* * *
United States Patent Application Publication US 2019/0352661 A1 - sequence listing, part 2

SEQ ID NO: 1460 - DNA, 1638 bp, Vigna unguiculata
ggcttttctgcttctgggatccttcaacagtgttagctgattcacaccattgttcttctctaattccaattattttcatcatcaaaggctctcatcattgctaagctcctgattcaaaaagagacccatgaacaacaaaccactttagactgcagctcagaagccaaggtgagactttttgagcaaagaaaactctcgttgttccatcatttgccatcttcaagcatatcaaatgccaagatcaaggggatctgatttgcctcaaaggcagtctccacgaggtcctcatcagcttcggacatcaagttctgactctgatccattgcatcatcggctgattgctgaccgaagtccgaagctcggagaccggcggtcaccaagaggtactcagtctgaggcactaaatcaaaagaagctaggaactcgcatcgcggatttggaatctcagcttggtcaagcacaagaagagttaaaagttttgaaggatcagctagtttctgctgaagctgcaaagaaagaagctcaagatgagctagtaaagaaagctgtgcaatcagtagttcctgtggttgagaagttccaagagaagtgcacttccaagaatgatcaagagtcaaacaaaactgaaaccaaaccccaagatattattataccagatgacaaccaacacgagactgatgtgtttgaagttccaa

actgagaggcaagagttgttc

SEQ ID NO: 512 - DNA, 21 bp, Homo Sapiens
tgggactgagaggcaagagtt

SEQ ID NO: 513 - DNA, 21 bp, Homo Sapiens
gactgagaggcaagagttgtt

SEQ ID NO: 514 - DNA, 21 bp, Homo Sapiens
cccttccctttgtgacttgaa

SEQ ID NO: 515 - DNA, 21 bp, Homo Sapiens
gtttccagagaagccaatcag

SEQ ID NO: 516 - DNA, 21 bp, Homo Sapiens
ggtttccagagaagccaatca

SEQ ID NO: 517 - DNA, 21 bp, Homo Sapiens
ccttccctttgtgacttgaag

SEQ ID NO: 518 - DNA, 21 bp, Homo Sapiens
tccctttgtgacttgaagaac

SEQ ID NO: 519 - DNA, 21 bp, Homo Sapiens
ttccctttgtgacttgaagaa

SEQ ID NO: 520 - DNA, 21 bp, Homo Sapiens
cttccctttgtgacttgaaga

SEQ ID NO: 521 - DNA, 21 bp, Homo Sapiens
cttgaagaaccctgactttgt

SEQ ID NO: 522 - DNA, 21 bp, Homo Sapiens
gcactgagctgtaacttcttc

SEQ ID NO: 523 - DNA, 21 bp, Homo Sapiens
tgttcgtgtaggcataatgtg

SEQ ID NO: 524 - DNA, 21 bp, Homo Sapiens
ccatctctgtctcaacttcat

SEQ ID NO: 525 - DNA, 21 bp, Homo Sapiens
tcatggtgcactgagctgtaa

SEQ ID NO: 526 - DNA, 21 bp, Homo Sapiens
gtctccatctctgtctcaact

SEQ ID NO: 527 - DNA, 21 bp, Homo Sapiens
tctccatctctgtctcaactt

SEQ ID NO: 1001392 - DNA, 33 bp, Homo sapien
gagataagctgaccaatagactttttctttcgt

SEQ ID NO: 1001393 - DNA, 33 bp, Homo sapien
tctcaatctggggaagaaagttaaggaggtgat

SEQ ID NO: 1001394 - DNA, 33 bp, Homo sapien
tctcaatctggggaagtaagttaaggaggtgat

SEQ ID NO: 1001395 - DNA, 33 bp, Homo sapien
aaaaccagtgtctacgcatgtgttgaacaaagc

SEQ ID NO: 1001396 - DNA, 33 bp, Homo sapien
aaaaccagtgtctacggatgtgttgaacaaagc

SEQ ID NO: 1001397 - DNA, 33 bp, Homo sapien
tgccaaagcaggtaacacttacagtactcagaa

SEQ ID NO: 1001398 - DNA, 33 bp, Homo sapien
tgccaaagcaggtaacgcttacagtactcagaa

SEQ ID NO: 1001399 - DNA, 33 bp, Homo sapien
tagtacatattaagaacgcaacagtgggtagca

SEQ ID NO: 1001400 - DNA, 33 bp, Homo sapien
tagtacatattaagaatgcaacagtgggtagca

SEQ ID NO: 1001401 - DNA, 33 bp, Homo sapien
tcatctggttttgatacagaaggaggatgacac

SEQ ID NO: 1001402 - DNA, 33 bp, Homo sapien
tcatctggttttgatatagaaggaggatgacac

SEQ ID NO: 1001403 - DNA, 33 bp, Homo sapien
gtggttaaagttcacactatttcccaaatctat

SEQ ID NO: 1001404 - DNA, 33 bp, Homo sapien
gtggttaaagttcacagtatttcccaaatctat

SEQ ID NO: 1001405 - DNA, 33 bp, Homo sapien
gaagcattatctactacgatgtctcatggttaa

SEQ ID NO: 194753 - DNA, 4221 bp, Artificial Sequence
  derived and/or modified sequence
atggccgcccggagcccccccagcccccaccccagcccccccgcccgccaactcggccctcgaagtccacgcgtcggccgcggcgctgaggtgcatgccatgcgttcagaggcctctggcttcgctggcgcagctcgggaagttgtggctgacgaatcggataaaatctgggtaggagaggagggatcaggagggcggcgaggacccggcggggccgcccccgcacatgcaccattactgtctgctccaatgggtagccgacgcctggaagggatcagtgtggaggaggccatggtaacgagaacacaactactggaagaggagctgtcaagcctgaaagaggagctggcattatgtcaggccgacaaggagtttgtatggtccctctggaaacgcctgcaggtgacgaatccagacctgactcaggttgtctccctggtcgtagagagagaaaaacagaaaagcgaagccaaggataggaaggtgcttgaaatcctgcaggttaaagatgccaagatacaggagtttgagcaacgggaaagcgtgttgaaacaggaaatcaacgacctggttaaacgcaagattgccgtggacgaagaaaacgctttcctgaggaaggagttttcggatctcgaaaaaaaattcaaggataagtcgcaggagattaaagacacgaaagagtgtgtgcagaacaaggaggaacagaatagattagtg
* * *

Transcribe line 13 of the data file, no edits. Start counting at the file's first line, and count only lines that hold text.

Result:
SEQ ID NO: 516 - DNA, 21 bp, Homo Sapiens